What Everyday Expenses Can You Drop to Save for A Home?


When it comes to saving for a home, it sometimes seems impossible to see where the money will come from. Most people think that a reasonable amount to save for a home is 20%, which can be a significant amount when you look at the big picture. However, when it comes to saving money, there are a lot of expenses you probably have every day you can drop in exchange for some long-term savings. Here are a few luxury items you can cut that you can can use toward a down payment for a house.  

Daily Coffee

A good portion of the people in this country can’t start their day without getting a little pick-me-up from their early morning coffee. When you add up a 5 dollar a day or more expense that can add up quite a bit. You can save a lot of money either not drinking coffee or doing it yourself from home. If you take that money and put it in a savings account, even one that doesn’t make any money at all, you are saving a decent amount each week towards your down payment.


If you are commuting every day to work, there are ways to save money. If you do a little research, you can look into public transportation and see if you can save money by taking the bus, train, or other public transportation methods. If you know someone from work that lives near you and has a similar work schedule, carpooling can be a great option. Also, your current car might be guzzling too much gas. If the time is right to get a new car, though, consider a more economical vehicle, especially one that saves you on gas. Hybrid cars and even full electric cars are getting a lot less expensive and can save you a lot of money in the long term.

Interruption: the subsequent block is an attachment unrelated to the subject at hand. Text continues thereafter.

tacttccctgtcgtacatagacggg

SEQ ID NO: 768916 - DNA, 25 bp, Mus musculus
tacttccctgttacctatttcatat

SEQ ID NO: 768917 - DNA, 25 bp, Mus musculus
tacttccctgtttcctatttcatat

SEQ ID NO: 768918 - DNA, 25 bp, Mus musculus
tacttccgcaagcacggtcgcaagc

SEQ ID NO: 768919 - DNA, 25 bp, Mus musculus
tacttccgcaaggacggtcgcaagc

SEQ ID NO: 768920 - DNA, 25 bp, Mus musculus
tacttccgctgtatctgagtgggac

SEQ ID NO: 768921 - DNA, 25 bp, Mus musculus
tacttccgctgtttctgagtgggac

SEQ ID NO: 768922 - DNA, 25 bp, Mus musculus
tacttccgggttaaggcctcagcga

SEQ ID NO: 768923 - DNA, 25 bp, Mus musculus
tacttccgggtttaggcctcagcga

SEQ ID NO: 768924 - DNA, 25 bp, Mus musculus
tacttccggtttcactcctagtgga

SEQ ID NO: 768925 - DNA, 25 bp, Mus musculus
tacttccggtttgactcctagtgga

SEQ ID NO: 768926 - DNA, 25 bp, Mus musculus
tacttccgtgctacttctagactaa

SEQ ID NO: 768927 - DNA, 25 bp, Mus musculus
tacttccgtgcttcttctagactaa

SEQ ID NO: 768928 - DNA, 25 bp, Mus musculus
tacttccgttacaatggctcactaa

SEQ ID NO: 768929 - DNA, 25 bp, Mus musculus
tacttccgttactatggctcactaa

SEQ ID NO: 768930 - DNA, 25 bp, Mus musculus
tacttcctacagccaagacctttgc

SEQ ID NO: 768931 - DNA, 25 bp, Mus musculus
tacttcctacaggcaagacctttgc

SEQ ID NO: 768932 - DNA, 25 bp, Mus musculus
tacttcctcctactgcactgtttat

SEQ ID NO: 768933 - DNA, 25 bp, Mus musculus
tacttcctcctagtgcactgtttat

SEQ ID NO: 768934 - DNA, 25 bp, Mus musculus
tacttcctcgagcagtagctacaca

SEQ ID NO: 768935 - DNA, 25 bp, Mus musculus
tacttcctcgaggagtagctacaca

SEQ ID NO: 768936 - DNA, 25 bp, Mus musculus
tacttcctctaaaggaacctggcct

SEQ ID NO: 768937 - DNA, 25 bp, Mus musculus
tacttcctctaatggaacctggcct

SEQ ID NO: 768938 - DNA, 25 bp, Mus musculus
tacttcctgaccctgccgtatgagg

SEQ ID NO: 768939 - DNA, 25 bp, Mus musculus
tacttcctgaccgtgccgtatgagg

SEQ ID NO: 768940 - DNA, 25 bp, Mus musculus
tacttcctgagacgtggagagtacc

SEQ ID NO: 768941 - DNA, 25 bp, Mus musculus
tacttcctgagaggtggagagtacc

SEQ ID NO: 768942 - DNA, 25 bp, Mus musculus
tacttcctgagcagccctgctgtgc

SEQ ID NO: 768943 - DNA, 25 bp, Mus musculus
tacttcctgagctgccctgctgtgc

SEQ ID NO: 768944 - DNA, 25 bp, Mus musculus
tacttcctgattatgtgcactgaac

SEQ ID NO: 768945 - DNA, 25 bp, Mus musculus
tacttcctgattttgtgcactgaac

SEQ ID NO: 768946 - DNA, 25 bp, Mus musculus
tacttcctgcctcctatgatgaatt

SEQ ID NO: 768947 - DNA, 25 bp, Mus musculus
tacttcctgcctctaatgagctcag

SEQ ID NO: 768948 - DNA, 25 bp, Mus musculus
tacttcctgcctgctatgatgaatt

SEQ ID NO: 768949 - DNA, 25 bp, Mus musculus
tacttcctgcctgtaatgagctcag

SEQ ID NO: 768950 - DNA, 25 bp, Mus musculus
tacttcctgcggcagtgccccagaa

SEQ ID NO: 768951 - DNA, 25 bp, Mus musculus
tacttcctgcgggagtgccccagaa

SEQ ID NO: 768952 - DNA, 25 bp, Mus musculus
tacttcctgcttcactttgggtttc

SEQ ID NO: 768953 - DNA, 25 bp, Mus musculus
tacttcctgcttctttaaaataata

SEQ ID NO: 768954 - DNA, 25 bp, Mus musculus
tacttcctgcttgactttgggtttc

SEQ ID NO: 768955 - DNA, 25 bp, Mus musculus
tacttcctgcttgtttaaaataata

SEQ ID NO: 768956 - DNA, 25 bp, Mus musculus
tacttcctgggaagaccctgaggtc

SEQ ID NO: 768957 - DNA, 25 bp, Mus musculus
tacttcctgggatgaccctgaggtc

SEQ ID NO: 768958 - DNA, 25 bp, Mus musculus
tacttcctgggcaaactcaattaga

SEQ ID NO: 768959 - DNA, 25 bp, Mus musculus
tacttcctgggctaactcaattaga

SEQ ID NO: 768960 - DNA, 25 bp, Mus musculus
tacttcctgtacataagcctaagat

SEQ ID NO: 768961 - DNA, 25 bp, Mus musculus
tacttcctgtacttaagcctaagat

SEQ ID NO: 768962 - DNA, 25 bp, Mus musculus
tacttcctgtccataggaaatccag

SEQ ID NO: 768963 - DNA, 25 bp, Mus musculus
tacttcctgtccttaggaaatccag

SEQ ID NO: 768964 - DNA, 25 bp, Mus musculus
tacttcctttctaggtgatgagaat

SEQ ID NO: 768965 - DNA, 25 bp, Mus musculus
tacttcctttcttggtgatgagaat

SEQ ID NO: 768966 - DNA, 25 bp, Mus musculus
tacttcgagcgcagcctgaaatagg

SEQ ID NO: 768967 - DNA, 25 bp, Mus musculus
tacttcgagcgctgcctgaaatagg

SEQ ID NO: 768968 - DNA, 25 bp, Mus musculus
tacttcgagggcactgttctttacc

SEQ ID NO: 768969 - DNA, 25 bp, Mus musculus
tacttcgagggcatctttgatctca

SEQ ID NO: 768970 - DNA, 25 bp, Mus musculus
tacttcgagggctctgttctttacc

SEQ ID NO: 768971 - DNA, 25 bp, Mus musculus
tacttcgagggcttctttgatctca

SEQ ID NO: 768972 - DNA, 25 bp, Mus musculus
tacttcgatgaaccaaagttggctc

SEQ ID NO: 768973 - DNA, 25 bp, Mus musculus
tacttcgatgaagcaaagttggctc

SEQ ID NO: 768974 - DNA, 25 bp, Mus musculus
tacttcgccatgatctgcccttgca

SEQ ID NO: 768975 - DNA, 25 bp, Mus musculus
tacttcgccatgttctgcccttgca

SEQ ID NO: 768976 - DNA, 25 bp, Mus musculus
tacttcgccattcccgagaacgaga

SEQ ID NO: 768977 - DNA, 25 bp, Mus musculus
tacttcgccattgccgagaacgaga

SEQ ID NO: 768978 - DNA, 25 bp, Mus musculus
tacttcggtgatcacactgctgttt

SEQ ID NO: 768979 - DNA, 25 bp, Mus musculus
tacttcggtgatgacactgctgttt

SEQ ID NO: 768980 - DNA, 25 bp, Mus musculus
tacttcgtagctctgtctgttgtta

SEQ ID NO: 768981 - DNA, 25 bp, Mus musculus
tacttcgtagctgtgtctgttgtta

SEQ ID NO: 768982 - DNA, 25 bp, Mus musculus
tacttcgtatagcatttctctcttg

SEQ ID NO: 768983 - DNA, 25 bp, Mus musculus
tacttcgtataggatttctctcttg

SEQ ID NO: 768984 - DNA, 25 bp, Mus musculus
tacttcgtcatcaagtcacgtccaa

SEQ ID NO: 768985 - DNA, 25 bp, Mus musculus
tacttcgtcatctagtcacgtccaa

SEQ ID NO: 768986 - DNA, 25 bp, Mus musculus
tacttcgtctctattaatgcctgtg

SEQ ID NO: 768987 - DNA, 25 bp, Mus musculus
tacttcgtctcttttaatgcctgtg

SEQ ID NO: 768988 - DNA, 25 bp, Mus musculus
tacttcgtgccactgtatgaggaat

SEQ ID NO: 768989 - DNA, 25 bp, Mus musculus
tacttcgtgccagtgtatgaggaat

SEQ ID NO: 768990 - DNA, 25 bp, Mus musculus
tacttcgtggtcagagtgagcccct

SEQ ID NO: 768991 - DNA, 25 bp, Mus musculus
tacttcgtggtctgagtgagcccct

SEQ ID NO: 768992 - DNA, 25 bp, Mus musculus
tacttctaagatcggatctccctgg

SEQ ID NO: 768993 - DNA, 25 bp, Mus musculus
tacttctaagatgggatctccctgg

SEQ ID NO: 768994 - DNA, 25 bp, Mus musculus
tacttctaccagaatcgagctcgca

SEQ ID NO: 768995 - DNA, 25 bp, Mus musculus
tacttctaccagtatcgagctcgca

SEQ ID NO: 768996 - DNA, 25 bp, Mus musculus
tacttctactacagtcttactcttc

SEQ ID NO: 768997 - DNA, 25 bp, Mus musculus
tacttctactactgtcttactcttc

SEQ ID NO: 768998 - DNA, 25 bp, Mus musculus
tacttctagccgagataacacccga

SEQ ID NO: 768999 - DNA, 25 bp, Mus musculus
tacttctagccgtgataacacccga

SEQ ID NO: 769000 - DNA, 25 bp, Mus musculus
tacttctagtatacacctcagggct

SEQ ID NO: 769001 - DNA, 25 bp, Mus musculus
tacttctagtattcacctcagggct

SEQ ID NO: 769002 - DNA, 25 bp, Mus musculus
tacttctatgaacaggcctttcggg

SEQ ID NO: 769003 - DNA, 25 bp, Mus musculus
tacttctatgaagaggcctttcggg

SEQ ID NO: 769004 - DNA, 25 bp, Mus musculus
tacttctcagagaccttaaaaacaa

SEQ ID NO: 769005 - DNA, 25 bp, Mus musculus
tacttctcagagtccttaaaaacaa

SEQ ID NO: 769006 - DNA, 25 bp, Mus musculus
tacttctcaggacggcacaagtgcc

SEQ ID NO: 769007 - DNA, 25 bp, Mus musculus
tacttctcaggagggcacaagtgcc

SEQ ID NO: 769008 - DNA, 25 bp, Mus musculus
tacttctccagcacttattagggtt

You have to have food. But you don’t always have to go out to eat lunch every day. When you figure in the cost of going out to lunch, it typically costs between $5-$10. If you eat out every day, that is between $25-$50. You can still go out to lunch, but just by cutting out $10 a week that $520 a year, that could be going towards a down payment. It only takes a little time and preparation to get the necessary food for lunch.

Recurring charges

You may pay monthly fees that go automatically on your credit card every month for things you don’t use regularly. Items such as gym memberships, or music streaming services may add to your monthly charges, even if they don’t add to your daily, or monthly life. Consider dropping services that are just adding up for someone else and not you.


Cable bills often start with introductory offers, and then raise over time. They will add a charge here and another cost there and all of a sudden you are paying three times what you started out at. When you are barely watching a few channels in your family, it might pay to give the cable company a call and see if they can lower you bill, or change services. It might even be worth not having it at all and switching to a streaming service for a much lower cost.

When it comes to your ability to get into a home, it is about priorities. If getting a home is your number one priority, then the sacrifices you make in other areas will be worth it. 


Ian Wood